Voters in the northern half of Portage County, and much of Geauga County, will have a chance to choose a Republican candidate for Ohio House District 76 in Tuesday’s primary election.
Incumbent Diane Grendell of Chesterland faces a primary challenge from Chardon resident Frank Hall, a high school football coach and tutor at Chardon High School, according to the Geauga County Board of Elections.
Also running for election to the District 76 seat is Democrat Garrett Westhoven who faces no challengers on the ballot Tuesday but needs at least one vote to move on the November general election, according to Geauga County Board of Elections Director Pete Ziegler.
"His chances of making the ballot in November are extremely high," said Ziegler, referring to Westhoven of Chesterland.
In addition to working at Chardon High School, Hall, a father of nine adopted children, said he is a former law enforcement officer.
"I’m a pro-life guy," he said. "I believe in the Second Amendment, and I believe we need to support our local government better than what we’re doing."
Grendell, a registered nurse, former judge and longtime legislator, said the general assembly needs experienced hands guiding the way as many offices turn over due to term limits.
"One of the biggest things I’m working on right now is the OPERS retirement fund," she said, adding investment brokers are "making $300,000 to $800,000 on fees."
As a survivor of the 2012 shooting at Chardon High School, Hall has a somewhat nuanced stance on guns and the Second Amendment.
"I believe a good guy with a gun stops a bad guy with a gun," he said. "I was the coach that chased the gunman out of the cafeteria that day."
While he believes in citizens’ rights to defend themselves, he said he’s not a fan of unfettered access to all sorts of weapons. Specifically, he said there should be no bump stocks, high volume magazines or conversion kits permitted.
"However, I do believe in a person’s absolute right to defend their life, liberty and property," he said.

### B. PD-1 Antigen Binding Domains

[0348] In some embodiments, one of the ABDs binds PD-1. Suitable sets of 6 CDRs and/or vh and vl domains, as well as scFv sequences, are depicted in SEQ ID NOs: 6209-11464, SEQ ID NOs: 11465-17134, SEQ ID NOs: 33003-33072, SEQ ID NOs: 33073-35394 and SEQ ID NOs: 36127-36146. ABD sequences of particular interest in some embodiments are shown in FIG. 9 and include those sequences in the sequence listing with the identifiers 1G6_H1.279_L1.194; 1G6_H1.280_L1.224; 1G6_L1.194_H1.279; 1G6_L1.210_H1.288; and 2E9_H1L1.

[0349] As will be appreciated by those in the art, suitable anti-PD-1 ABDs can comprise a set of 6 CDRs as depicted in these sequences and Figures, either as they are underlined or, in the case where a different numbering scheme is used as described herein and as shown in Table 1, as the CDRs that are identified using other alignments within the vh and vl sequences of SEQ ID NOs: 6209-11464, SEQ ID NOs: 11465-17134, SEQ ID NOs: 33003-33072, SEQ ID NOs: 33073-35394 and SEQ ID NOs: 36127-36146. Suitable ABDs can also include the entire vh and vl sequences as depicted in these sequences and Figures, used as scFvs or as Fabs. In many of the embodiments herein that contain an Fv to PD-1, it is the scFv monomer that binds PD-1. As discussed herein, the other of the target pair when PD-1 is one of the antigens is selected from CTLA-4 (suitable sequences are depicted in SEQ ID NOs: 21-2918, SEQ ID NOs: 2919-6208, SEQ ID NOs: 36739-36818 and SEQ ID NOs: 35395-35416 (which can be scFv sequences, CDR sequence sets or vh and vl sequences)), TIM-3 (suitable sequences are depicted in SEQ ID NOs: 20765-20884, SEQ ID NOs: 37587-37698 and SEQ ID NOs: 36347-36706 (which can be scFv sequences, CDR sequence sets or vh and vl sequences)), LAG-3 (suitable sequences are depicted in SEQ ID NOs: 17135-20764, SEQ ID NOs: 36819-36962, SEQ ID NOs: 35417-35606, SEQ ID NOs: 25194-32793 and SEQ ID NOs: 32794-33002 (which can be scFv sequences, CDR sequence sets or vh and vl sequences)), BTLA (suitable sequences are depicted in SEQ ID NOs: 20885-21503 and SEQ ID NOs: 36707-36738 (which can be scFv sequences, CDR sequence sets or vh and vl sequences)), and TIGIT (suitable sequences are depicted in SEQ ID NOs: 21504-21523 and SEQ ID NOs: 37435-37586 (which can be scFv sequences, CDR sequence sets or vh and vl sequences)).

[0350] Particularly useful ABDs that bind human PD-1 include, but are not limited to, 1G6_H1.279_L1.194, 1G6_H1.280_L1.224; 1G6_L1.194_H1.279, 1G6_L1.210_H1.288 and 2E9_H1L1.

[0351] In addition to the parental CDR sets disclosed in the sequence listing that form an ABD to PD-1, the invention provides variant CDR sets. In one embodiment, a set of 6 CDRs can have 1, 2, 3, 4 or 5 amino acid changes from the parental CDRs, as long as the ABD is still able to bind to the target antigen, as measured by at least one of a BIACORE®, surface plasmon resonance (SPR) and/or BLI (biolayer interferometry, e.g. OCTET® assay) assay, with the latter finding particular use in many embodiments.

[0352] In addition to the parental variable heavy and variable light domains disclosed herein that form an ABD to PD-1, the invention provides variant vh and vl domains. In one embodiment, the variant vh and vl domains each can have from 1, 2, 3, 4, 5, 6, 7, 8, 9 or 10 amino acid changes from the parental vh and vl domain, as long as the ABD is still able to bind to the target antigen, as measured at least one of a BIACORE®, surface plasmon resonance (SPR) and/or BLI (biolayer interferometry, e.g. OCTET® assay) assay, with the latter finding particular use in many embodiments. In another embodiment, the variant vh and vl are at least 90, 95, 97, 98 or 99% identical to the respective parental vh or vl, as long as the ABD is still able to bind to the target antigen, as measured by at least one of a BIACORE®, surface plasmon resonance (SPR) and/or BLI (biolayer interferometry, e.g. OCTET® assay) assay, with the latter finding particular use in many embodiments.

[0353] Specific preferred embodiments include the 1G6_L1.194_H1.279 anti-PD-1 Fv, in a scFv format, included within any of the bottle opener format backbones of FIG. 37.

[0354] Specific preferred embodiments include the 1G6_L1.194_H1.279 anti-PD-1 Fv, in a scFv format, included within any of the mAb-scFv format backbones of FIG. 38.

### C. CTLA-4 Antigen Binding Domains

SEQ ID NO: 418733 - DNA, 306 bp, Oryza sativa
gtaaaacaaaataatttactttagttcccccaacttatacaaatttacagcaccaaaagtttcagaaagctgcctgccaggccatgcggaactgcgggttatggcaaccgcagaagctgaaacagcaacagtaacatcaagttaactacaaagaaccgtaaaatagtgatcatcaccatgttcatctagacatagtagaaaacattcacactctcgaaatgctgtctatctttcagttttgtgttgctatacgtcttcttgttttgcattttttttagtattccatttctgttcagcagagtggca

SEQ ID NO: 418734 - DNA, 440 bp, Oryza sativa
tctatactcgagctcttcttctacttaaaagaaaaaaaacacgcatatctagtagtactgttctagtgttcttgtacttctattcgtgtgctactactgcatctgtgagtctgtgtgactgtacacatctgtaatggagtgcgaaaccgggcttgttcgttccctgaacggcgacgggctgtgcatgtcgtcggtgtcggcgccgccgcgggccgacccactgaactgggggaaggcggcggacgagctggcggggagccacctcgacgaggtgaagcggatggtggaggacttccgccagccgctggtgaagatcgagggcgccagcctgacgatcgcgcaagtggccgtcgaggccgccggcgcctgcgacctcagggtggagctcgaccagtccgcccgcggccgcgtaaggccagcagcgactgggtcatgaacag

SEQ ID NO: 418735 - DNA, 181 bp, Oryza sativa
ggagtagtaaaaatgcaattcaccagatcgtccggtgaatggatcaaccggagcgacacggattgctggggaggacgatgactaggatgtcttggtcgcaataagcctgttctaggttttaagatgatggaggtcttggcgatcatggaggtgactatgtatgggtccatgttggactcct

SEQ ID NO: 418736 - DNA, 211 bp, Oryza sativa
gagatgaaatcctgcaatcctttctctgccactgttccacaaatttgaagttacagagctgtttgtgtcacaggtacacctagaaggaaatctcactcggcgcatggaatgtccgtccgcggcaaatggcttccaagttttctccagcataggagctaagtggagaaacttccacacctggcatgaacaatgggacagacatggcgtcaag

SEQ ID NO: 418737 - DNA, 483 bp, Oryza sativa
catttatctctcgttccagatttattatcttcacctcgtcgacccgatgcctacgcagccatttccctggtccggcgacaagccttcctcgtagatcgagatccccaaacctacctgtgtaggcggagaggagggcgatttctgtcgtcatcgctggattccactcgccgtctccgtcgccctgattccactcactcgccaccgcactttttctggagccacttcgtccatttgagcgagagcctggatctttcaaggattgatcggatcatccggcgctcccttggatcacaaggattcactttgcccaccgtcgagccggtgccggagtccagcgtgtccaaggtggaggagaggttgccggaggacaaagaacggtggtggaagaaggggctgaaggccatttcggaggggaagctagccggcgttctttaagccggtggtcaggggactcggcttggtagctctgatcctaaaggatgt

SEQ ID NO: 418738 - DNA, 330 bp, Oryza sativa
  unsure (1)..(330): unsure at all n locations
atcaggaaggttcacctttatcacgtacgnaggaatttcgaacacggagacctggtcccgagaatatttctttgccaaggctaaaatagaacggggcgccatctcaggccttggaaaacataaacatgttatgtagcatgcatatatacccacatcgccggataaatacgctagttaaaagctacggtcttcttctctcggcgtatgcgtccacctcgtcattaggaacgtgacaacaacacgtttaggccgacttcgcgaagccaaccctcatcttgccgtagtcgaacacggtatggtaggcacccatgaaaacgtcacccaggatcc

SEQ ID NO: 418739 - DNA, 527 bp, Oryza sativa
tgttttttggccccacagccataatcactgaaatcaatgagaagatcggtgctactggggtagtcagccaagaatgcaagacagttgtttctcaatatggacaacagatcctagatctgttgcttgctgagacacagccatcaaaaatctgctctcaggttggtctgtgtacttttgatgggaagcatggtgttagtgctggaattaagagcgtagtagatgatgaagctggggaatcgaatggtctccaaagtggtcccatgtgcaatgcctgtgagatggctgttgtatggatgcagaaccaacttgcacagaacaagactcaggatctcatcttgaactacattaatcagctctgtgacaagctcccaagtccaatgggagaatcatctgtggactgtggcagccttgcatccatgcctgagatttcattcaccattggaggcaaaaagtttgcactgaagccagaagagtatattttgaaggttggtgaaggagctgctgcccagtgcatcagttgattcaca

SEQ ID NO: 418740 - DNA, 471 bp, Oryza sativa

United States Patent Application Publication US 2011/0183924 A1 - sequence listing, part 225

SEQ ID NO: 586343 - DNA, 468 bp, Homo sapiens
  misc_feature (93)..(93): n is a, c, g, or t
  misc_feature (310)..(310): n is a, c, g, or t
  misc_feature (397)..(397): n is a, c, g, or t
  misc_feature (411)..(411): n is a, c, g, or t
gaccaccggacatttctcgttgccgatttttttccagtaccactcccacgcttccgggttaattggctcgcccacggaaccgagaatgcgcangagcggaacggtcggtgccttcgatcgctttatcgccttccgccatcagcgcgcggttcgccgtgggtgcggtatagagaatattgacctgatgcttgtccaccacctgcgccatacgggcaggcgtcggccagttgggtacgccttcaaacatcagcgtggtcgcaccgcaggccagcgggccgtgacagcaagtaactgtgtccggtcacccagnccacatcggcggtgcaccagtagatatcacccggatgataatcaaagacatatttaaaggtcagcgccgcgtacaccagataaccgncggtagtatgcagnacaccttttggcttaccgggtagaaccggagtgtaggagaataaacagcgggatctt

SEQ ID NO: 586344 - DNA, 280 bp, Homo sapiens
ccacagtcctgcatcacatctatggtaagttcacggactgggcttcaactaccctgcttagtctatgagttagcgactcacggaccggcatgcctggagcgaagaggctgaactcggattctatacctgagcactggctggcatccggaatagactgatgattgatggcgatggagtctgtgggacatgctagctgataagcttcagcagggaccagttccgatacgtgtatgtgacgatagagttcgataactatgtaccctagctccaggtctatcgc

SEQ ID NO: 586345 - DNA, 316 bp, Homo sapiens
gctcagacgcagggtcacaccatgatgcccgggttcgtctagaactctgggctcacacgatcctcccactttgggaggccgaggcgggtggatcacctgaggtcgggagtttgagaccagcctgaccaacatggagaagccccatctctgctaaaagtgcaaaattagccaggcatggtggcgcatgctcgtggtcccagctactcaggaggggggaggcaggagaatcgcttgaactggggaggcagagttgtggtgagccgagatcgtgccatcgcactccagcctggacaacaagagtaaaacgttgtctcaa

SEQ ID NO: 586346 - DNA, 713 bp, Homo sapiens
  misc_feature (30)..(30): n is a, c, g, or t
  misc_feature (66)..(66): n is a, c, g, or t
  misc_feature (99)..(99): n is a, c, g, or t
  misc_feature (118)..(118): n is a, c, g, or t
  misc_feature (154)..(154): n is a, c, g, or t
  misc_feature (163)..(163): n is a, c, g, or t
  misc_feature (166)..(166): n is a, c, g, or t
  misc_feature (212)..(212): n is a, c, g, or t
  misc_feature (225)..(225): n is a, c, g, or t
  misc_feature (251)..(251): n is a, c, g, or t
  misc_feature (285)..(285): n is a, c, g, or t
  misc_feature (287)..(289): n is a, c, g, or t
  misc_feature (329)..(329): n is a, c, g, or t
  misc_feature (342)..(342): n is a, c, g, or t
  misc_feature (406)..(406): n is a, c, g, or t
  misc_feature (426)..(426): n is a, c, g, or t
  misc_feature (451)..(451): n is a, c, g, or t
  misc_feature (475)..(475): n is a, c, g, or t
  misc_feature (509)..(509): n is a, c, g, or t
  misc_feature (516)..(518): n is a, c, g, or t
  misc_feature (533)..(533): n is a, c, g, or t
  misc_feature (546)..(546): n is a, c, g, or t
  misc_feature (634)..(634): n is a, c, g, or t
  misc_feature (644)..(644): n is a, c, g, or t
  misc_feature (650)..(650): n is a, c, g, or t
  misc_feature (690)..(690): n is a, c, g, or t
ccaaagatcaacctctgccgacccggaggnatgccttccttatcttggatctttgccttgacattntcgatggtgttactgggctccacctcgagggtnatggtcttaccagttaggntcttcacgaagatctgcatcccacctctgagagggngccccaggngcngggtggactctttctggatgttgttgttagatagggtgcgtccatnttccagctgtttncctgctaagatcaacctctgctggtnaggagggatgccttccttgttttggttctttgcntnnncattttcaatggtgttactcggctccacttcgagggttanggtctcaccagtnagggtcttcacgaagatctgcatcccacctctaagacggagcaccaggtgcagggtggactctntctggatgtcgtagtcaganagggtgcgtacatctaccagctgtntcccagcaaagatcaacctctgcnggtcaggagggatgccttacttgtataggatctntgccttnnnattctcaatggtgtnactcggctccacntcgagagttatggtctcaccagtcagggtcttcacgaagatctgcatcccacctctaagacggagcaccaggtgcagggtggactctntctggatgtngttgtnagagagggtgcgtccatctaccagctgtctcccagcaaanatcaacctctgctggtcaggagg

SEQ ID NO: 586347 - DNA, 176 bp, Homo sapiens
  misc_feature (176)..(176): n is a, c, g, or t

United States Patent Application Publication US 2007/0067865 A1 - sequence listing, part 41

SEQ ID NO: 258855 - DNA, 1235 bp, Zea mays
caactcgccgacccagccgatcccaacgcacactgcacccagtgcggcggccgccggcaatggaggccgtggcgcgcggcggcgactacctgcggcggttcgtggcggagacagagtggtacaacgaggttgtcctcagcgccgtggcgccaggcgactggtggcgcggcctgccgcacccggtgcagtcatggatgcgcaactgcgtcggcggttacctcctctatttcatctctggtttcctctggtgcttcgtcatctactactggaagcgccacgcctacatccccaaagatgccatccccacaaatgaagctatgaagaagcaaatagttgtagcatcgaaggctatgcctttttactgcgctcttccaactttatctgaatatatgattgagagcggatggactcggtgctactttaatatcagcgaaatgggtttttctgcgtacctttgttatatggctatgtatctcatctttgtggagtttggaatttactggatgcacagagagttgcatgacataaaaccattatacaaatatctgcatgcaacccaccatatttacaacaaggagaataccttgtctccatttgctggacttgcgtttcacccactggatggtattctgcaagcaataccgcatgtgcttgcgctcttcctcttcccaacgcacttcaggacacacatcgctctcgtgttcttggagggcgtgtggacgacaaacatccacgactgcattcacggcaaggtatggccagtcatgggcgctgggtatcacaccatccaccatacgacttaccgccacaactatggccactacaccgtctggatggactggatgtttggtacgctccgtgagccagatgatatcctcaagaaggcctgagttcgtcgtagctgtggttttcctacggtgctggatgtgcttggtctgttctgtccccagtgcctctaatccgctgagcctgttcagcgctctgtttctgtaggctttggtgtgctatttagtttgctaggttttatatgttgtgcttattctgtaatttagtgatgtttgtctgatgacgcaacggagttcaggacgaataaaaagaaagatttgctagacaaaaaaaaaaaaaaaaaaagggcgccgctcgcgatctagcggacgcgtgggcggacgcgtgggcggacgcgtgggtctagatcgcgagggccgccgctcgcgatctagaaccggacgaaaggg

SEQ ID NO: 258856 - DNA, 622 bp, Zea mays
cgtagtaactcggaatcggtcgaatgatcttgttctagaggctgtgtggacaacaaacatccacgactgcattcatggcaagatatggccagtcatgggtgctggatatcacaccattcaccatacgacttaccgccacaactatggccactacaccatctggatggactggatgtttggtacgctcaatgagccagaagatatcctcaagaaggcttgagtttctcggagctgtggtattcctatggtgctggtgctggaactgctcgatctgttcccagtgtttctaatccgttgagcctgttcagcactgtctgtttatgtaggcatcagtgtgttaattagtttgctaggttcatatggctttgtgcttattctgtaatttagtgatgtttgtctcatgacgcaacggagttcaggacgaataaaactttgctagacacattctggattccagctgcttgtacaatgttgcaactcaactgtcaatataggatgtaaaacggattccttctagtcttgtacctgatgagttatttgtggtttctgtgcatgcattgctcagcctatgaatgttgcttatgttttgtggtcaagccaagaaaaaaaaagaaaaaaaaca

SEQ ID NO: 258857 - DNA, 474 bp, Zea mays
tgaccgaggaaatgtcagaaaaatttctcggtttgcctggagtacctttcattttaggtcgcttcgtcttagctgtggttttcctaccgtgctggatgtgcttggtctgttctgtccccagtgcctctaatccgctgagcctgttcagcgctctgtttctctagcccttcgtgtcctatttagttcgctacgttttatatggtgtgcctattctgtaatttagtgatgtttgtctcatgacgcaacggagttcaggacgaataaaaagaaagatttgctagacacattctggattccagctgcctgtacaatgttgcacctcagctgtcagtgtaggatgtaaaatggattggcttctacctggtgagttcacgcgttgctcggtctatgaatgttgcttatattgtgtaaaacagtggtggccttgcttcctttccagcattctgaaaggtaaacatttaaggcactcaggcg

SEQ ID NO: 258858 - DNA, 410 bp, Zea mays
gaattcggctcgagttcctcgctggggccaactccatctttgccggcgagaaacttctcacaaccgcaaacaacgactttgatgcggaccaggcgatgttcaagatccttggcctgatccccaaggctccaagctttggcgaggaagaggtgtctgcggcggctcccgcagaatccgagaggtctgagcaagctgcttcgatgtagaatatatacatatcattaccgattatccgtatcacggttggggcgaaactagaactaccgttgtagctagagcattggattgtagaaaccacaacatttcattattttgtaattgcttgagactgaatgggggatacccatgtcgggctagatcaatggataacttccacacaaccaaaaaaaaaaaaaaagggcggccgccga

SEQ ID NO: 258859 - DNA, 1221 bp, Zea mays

With the Coach Hall Foundation, Hall said he helped advocate for the passage of Ohio House Bill 318, which he said outlines training for school resource officers, including topics like child psychology which helps officers understand students better, as well as SRCs’ various roles and duties within the school building.
Grendell said fixing school financing and school assessments are important to her.
"The Local Report Card grading last year was a disaster," she said. "The legislation has failed the public schools by putting so many rules and regulations on them that they can hardly function."
She added that she thinks money is not the entire answer to fixing school districts.
"Money has never been the answer," she said. "Unless there is some kind of family structure at home, it has never improved the system."
However, she said she would like to see the savings realized through sentencing reform go toward pre-kindergarten learning. It costs about $30,000 annually to house an inmate in prison, she added.
Westhoven, the Democrat in the race and a software engineer, said education is a priority for him, as well.
"There’s clearly a lot of frustration with the lack of funding for public schools," he said. "I know we’re approaching a solution, but it hasn’t really gotten here yet; it’s stuck in the legislature right now."
He also said he backs automatic voter registration and ranked choice balloting, in which each voter would be able to rank in order their preference for a given office.
For more about Grendell’s plans, visit http://www.ohiohouse.gov/diane-v-grendell?fbclid=IwAR2r5jtPMYhfLE_aKAXrcshA65n5aT-gXDzZPgcYLlkQYjFitMxqW-NdG-w.
For more information about Hall, visit his campaign website, https://www.frankhallforohio.com.
Reporter Bob Gaetjens can be reached at 330-541-9440, firstname.lastname@example.org or @bobgaetjens_rpc.